At the end of the class, students who have successfully completed all driving range skills will receive a Certificate of Completion. Certificates can be presented to most auto insurance companies for discounted insurance premiums.

Anyone who would like more information on the course can contact Officer David Saylors at 706-278-9085, dial 9 and enter extension 192. Officer Saylors can also be reached via email at dsaylors@cityofdalton-ga.gov. Application forms are linked below:

Application Form 1

Application Form 2

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Dalton Officer Named Code Enforcement Official Of The Year

The Dalton Police Department renewed its focus on code enforcement in 2013 with the assignment of Officer Chris Cochran to code enforcement duties. That turned out to be a great choice. Officer Cochran was honored Wednesday by Keep Georgia Beautiful which has named him the state’s Code Enforcement Officer of the Year.

After taking over as the DPD’s code enforcement officer in 2013, Officer Cochran began work on creating the city’s code enforcement plan. Cochran also began working to earn Level 1 certification from the Georgia Association of Code Enforcement (GACE) designed to enhance the knowledge and skills of those in charge of responsible for environmental, housing, and land use codes in the state.

Chris Cochran

Officer Chris Cochran

“It’s a great honor for Officer Cochran, for our department and the city as a whole to be recognized for our efforts,” said Dalton Police Chief Jason Parker. “Officer Cochran has really taken the lead, and he was absolutely the right person to lay the foundation for our program”.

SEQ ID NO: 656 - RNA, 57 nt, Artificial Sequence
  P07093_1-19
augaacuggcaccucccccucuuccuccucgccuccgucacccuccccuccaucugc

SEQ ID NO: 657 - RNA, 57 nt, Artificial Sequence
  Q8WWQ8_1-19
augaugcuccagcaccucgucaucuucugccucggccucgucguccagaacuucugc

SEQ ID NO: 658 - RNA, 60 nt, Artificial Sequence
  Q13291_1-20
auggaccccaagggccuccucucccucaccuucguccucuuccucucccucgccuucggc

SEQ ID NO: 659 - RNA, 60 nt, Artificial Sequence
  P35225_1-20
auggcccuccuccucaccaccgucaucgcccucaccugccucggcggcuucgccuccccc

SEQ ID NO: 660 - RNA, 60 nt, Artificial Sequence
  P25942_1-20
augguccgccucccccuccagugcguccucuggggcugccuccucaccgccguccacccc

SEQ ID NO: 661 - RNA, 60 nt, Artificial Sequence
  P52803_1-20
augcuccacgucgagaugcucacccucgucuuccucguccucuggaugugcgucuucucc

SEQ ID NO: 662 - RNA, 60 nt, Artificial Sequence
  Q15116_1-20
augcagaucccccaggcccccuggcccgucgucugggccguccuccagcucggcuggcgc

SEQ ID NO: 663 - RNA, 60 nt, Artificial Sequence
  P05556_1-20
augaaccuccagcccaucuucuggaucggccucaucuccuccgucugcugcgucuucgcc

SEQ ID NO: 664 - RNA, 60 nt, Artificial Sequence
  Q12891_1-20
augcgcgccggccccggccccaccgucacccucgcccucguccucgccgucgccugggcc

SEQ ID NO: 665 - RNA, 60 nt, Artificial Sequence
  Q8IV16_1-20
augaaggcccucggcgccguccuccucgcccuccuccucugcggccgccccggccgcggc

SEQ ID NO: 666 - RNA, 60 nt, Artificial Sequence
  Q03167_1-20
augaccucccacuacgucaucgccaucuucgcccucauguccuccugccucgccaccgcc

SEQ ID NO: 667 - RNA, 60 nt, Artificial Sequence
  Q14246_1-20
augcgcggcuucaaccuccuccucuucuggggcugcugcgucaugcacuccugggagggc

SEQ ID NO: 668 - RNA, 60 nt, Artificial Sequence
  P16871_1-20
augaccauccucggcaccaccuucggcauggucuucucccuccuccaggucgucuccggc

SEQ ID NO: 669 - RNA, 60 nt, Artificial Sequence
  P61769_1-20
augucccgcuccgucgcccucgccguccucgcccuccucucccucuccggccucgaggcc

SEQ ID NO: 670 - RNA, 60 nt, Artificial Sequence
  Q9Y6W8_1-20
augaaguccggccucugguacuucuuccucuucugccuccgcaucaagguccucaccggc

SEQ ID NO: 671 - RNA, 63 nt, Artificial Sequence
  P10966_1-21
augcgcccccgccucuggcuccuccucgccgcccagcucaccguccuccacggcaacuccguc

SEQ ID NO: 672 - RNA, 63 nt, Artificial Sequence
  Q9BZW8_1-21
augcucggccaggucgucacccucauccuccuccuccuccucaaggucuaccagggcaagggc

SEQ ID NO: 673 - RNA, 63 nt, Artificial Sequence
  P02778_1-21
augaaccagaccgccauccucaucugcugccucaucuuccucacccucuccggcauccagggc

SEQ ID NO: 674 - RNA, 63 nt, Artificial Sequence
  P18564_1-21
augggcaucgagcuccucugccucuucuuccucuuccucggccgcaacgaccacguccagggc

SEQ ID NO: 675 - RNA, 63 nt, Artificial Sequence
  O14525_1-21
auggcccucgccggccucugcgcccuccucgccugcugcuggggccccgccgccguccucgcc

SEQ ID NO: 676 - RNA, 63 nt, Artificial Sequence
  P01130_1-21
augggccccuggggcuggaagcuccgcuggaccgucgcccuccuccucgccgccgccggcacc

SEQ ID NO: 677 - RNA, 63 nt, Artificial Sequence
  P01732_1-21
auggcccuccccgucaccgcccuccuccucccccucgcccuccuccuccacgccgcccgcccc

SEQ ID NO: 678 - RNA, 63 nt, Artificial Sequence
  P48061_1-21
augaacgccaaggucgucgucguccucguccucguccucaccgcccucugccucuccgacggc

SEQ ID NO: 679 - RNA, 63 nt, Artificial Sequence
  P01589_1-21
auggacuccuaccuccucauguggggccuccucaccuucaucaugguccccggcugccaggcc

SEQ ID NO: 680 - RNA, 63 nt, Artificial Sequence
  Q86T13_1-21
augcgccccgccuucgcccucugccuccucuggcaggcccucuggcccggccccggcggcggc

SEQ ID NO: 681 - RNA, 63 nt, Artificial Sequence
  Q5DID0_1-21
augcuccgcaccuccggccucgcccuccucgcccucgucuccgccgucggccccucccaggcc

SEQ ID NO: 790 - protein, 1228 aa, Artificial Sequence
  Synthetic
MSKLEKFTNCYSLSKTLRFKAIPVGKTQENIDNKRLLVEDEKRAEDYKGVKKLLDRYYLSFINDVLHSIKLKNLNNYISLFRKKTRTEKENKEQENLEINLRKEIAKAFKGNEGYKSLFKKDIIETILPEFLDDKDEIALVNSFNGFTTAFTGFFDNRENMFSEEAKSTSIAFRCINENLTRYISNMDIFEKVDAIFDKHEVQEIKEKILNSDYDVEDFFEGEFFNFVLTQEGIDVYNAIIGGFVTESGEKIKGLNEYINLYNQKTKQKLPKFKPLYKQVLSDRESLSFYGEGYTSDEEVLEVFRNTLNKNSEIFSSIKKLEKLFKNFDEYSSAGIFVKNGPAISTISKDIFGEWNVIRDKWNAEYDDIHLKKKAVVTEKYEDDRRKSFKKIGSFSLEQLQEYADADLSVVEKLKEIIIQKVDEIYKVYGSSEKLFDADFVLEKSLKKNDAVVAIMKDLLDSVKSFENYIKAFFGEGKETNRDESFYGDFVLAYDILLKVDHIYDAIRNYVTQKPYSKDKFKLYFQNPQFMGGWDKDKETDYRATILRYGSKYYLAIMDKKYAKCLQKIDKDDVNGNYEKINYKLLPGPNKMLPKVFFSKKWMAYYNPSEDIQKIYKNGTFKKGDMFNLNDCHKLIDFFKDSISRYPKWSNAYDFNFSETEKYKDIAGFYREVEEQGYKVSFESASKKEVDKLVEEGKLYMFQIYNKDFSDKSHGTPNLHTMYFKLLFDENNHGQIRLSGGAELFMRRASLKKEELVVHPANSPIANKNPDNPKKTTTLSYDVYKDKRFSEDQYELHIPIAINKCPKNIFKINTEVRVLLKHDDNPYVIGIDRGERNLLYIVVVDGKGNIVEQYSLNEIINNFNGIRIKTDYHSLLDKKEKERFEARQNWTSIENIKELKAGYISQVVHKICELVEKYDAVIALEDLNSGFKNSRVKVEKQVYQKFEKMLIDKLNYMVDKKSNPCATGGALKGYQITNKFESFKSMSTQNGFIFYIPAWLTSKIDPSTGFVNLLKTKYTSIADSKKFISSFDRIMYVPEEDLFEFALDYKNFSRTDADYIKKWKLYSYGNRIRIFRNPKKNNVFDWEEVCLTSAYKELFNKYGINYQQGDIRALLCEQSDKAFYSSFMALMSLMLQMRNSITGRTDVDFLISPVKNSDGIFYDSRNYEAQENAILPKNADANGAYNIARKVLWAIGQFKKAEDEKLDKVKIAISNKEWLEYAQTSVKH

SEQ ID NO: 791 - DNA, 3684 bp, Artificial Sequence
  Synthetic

Officer Cochran’s work goes far beyond simply inspecting properties which aren’t up to code and issuing citations. Cochran, who now leads a team of two other DPD officers assigned to code enforcement, works with property owners to try to get things up to code with the goal of getting situations resolved without the need to issue citations. He has formed partnerships with churches and other charitable organizations in Dalton to help elderly residents and others who have trouble maintaining their property to arrange help with materials and labor. He has also built working relationships with other city agencies such as the solid waste authority, building inspectors, and public works to identify areas that need work.

“Being responsible for code enforcement was new to our department, so it was important to get off on the right foot,” said Chief Parker. “Officer Cochran is very determined, but he also has a communication style that puts people at ease. As a result, he gets results and cooperation from citizens and businesses.”